Toxic plants

Is Buttercup or Figwort Toxic To Cats?

by Clair Chesterman
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Is Buttercup or Figwort Toxic To Cats? 

Yes, Buttercup (also known as Butter Cress and Figwort) is toxic to cats. This flowering plant contains the chemical ranunculin, which, when crushed or chewed, transforms into an irritant called protoanemonin. This substance is particularly harmful to felines. When ingested by cats, protoanemonin, an irritant oil glycoside, can cause significant discomfort in the mouth and throughout the gastrointestinal tract. It’s worth noting that the plant’s blossoms have the highest concentrations of these toxic substances. The impact of the poisoning largely depends on the amount of toxin consumed.

This article was crafted in close collaboration with a team of experienced DVMs (doctors of veterinary medicine). Their invaluable insights ensure that we provide accurate and up-to-date information on the potential risks various plants pose to cats. Additionally, our findings have been cross-referenced with reputable sources such as the ASPCA and PetMD for added accuracy and comprehensiveness.

Clinical Signs of Buttercup or Figwort Poisoning in Cats

Buttercup and cats

The Buttercup plant, with its alluring blossoms, poses a danger to our feline friends. While all parts of the buttercup plant are toxic to cats, it’s the flowers that contain the highest concentration of toxins. When a cat comes into contact with, inhales, or ingests any part of the buttercup plant, certain clinical signs may manifest. Here’s a detailed look at these signs and the reasons behind their occurrence:

  1. Swelling of the mouth: This occurs due to the irritant nature of protoanemonin, which can cause inflammation upon direct contact.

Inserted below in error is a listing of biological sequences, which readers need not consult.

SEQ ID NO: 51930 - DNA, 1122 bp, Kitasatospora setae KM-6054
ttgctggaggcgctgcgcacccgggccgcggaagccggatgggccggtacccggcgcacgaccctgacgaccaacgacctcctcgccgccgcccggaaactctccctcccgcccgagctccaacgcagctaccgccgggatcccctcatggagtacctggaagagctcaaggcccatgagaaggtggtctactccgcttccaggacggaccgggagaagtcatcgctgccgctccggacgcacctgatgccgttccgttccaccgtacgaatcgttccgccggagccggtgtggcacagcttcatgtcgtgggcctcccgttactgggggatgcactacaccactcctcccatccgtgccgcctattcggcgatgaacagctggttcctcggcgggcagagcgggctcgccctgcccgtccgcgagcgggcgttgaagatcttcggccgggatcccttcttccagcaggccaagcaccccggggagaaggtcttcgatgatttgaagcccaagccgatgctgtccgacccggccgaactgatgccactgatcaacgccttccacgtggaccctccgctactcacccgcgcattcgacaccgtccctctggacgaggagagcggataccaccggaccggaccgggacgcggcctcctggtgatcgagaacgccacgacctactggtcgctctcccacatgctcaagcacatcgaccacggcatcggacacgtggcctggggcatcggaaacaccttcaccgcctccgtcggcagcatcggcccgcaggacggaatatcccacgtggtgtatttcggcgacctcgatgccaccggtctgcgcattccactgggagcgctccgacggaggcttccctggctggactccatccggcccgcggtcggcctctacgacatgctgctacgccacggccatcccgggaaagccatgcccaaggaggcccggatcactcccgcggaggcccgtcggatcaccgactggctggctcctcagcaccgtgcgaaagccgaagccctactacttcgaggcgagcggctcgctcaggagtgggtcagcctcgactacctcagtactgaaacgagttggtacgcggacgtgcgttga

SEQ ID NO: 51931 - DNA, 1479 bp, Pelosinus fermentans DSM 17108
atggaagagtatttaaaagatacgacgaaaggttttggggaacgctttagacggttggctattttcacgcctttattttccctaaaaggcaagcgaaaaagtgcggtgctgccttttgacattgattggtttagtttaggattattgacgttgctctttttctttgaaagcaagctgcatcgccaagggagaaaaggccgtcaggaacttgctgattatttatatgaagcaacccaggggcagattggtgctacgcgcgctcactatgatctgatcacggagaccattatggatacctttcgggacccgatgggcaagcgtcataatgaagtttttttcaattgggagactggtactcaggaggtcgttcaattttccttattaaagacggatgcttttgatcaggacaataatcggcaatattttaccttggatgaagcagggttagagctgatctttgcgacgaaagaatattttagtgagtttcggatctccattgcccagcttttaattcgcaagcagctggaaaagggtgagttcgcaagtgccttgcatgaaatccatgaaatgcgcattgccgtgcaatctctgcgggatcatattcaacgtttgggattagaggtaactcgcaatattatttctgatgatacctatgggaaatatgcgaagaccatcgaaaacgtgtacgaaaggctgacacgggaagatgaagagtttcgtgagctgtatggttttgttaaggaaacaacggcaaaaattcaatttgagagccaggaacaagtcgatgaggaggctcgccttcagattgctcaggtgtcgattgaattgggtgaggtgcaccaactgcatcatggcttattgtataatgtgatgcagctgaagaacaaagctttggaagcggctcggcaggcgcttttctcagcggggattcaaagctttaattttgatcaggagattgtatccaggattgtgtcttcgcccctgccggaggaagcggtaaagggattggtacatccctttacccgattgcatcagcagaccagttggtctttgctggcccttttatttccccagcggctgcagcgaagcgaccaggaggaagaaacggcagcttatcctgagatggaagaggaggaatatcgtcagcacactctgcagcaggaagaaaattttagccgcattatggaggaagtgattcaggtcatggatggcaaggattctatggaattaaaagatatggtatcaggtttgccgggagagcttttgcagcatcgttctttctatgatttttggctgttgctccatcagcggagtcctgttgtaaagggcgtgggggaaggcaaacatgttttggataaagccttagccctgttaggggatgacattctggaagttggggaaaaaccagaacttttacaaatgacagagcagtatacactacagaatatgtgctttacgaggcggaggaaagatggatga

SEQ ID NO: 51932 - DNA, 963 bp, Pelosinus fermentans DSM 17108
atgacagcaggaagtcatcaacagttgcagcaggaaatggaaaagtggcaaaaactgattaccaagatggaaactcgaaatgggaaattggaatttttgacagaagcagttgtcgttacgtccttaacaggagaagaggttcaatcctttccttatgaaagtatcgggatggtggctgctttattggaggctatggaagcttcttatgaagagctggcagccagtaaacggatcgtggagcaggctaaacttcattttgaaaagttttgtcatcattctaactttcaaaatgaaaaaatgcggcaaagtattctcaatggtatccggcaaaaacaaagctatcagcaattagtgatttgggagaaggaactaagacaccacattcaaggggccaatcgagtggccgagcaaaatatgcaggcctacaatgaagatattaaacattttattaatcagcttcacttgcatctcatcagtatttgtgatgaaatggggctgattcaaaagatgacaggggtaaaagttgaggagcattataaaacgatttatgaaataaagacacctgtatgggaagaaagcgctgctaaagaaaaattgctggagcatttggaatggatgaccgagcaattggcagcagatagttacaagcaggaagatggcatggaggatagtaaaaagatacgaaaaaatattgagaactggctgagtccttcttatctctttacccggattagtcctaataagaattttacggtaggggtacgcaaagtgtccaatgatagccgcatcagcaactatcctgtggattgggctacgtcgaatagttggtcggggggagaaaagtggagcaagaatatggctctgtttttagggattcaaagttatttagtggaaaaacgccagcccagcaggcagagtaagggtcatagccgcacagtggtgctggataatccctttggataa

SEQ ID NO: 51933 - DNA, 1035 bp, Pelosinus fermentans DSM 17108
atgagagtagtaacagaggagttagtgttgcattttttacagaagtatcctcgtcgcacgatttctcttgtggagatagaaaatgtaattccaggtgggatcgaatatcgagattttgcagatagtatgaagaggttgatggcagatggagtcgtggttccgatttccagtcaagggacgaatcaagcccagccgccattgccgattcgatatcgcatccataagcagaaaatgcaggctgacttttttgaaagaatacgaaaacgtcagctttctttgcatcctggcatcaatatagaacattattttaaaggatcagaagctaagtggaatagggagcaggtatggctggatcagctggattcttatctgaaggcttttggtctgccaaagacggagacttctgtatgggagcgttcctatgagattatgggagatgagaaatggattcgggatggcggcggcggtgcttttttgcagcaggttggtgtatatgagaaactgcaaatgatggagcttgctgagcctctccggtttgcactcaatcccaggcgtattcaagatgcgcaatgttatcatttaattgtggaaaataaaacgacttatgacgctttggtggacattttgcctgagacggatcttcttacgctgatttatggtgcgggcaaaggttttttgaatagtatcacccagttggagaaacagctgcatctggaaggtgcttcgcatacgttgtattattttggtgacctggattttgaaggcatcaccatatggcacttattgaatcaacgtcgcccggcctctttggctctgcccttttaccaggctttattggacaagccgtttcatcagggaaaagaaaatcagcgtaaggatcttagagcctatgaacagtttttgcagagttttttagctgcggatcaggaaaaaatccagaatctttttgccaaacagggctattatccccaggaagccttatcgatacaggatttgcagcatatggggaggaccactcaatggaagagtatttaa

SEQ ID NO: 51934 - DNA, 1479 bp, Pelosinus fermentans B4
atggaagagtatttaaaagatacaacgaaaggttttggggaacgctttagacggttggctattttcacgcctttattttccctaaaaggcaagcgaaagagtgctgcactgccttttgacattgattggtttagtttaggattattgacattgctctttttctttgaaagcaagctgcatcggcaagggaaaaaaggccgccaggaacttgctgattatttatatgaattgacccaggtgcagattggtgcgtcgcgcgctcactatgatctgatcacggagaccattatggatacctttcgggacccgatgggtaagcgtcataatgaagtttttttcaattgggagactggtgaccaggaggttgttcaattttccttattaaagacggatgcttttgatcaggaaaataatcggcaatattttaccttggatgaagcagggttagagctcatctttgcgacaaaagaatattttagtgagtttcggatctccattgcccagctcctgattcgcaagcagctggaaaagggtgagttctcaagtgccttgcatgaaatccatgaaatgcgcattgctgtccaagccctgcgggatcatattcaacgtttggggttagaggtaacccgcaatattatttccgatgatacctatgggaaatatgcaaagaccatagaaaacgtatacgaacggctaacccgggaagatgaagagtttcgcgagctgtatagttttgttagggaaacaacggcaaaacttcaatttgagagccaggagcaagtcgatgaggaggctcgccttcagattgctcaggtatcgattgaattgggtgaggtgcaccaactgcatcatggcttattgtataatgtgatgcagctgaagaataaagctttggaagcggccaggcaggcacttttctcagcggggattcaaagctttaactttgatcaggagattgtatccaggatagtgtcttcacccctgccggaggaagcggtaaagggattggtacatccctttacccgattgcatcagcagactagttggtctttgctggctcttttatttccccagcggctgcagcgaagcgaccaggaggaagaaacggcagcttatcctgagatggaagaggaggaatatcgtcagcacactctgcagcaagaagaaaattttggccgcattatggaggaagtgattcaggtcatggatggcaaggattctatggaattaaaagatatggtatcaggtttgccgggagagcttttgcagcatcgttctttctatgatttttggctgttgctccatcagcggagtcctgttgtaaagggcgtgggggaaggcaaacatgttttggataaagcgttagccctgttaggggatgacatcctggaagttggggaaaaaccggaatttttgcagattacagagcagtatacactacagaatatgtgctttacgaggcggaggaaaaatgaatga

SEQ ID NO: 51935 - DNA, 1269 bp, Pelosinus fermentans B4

2. Drooling: The irritant oil glycoside in the buttercup can cause immediate discomfort in the mouth, leading to excessive salivation as the cat’s body tries to expel the irritant.
  3. Vomiting: After ingestion, the toxins can irritate the stomach lining, prompting the cat’s body to get rid of the ingested substance through vomiting.
  4. Diarrhea: Similarly, the gastrointestinal tract may get irritated, leading to a rapid expulsion of the toxins, resulting in diarrhea.
  5. Lethargy: The overall distress caused by the toxin affects the cat’s energy levels, leading to a general sense of fatigue and lethargy.
  6. Urine with blood: The toxins might damage the kidneys or urinary tract, leading to hematuria or the presence of blood in the urine.
  7. Tremors: These involuntary muscle movements are a result of the neurotoxic effects of the toxins present in the buttercup.
  8. Seizures: In more severe cases, the neurotoxic effects can escalate to seizures, which require immediate veterinary attention.

If you suspect your cat has been in contact with a buttercup plant, it’s crucial to consult with a veterinarian promptly.

First Aid and Treatment of Buttercup or Figwort Poisoning in Cats

Cat sits yellow Buttercup flowers

Many poisoning instances appear to be emergency circumstances, and your cat should be treated by a veterinarian as soon as possible after consuming something hazardous.

Your veterinarian will prescribe drugs to help minimize tremors and seizures, which, if left untreated, can result in lasting harm to your cat. Medicines will be administered intravenously. The vet may also induce vomiting in your cat in order to remove any remaining poisonous material from his or her system. In some situations, the veterinarian may do gastric lavage, which entails injecting saline or water into the stomach with a needleless syringe and then removing it with a stomach tube.

Recovery from Buttercup or Figwort Poisoning in Cats

yellow Buttercup with a cat sitting in the background

Indications of buttercup poisoning can be severe if your cat ingested large portions of the plant but most cats recover completely after receiving prompt and appropriate veterinary care. Follow-up blood and urine tests may be needed to guarantee that your cat’s kidney and other organ functions have not been harmed as a result of the poisoning or the medications used during treatment.

Prevention of Buttercup or Figwort Poisoning in Cats

If your cat was exposed to buttercup plants in your home, remove them right away to prevent another poisoning episode. Check your neighborhood if there are known buttercups grown, if there is, avoid letting your cat go to the area. Secure your cat in the comforts of your home and limit their time outdoors.

If you love plants but have cats at home, check out these lists:

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